Running News Daily

Running News Daily is edited by Bob Anderson and team.  Send your news items to jaime@mybestruns.com  Get your race featured and exposed.  Contact sales at bob@mybestruns.com or call 650-209-4710

Index to Daily Posts · Sign Up For Updates · Run The World Feed

Articles tagged #Chris Lundy
Today's Running News

Share

Age-group superstar 62-year-old Brian Pilcher wins the Dipsea for the fourth time.

Kentfield, California's Brian Pilcher, competing in the Dipsea Race for the first time since winning his third race in 2016, crossed the finish line in Stinson Beach first on Sunday morning to claim his fourth career victory.

Colorado’s Mark Tatum (age 59) finished second with San Rafael’s Alex Varner (33) and Sausalito’s Chris Lundy (48) — the two-time defending champion  –finishing third and fourth, respectively.

With his 4th win, 62-year old Brian Pilcher ties Shirley Matson for 2nd most wins in history (after Sal Vasquez with seven wins).

Sausalito’s Chris Lundy, 48, who began with a two-minute penalty after winning the last two Dipseas, said afterwards. 

“I had a good race today,” Lundy said. “It was a little bit slower than last year, but I felt really good and ran as fast as I could. I like the heat, but it still slows you down a little bit.”

Corte Madera’s Clara Peterson, 35, who finished 10th last year, rounded out the top five. Peterson also earned the award for best woman’s time, and two of her four children walked to the stage to accept her two trophies.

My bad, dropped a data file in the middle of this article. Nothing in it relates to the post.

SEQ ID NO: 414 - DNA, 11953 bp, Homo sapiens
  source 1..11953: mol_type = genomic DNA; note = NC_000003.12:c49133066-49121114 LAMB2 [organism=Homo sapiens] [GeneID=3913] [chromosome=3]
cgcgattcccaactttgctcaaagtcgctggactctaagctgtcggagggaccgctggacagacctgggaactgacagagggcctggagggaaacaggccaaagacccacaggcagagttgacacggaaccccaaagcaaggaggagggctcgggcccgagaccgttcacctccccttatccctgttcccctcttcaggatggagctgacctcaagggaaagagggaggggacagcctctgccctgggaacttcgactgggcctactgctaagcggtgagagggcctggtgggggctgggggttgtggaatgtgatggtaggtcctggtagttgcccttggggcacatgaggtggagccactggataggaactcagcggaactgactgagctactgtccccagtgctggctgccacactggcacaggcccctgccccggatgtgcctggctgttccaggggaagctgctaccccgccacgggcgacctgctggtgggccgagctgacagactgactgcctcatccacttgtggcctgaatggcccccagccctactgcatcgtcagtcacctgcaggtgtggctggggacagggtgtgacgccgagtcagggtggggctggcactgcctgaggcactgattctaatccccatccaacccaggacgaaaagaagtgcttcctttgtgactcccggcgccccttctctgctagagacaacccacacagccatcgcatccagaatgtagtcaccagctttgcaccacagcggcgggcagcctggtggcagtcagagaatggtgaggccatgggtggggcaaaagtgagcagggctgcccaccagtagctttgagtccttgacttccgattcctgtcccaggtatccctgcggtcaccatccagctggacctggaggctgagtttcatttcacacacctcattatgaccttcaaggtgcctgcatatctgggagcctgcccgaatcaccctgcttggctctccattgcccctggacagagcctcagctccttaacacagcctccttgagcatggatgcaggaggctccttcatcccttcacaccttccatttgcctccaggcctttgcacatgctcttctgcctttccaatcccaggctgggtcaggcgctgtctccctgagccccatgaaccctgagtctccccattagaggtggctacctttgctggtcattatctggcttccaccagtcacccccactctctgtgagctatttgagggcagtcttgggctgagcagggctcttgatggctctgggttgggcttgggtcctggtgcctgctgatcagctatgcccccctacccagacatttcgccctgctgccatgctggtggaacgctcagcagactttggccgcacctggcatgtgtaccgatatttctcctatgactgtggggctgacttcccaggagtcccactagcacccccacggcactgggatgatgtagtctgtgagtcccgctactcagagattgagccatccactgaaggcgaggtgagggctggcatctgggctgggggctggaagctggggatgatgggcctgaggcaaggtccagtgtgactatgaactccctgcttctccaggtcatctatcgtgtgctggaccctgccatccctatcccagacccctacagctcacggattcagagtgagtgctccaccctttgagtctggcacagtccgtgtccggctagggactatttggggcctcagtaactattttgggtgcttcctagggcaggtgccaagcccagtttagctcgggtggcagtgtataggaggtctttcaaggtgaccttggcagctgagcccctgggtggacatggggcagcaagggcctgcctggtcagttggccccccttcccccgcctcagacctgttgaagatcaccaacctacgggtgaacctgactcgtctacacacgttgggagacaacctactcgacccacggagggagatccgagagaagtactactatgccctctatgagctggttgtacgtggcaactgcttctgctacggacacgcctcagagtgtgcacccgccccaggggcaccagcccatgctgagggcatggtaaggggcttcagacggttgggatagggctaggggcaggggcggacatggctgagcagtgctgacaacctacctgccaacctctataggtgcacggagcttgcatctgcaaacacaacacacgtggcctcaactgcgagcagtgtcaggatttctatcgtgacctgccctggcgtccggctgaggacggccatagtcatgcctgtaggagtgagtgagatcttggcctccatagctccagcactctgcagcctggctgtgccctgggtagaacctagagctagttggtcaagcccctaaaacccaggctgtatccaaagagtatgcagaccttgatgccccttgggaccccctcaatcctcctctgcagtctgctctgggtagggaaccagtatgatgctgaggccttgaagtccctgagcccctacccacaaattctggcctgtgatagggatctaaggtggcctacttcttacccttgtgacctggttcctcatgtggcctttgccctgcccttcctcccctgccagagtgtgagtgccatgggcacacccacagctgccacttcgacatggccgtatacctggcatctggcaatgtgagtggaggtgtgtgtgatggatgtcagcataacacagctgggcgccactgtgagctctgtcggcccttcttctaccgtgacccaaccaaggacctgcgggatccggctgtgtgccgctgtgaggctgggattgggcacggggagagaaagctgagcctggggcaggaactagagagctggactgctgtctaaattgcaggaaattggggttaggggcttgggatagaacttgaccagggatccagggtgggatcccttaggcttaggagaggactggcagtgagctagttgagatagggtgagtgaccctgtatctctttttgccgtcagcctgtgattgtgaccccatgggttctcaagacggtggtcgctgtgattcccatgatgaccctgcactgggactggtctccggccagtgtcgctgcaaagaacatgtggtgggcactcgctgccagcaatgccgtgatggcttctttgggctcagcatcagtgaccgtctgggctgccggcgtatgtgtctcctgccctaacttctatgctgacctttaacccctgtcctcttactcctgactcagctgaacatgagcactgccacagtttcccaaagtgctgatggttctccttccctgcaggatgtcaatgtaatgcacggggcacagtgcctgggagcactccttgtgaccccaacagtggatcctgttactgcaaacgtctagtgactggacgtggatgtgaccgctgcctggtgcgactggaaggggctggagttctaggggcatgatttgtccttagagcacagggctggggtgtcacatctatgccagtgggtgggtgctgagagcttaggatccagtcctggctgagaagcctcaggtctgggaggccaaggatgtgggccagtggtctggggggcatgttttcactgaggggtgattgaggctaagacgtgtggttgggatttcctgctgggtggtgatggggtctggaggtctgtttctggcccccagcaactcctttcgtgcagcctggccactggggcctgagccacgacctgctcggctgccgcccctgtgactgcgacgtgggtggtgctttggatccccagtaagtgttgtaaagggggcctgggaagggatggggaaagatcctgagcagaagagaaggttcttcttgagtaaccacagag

Brisbane’s Cliff Lentz, 54, Novato’s Dominic Vogl, 32, Montrose, Colo., resident Heath Hibbard, 66, Larkspur’s Diana Fitzpatrick, 61, and San Rafael’s Wayne Best, 51, placed 6-10, respectively.

Offical times have not been posted yet.  

The Dipsea was first run in 1905 and is considered to be the oldest trail race in America. It is run every year on the second Sunday in June.

The scenic 7.4 mile course from Mill Valley, California to Stinson Beach is also considered to be one of the most beautiful courses in the world.

The stairs and steep trails make it a grueling and treacherous race. And its unique handicapping system has made winners of men and women of all ages. Because of its beauty and challenge, it is a very popular event, and because of safety and environmental concerns the number of runners is limited to about 1,500.

While racers enter from all over the world, the Dipsea is primarily a Northern California event and the entry process is tilted slightly to favor local contestants.

(06/09/2019) ⚡AMP
Share
The Dipsea Race

The Dipsea Race

First run in 1905, the Dipsea is the oldest trail race in America. It is run every year on the second Sunday in June. The scenic 7.4 mile course from Mill Valley to Stinson Beach is considered to be one of the most beautiful courses in the world. The stairs and steep trails make it a grueling and treacherous race....

more...
Share

Returning champ Chris Lundy hopes to become only the second person to win three Dipsea Races in a row

Two years ago, the narrative surrounding Sausalito’s Chris Lundy was that she was the best female runner who had yet to break through and win the Dipsea.

On Sunday, Lundy enters the 109th Dipsea Race with a chance to become only the second person to win three in a row. The question about her has changed from ‘When will she win?’ to ‘How many will she win?’

“After winning it the first year, you’re no longer in that zone of just trying to get to get the win,” Lundy said. “Then it becomes ‘What’s the next challenge?’ The next challenge was to try to win it again and that happened. I don’t think it’s looking super likely to win it a third time in a row but I’m certainly going to try.”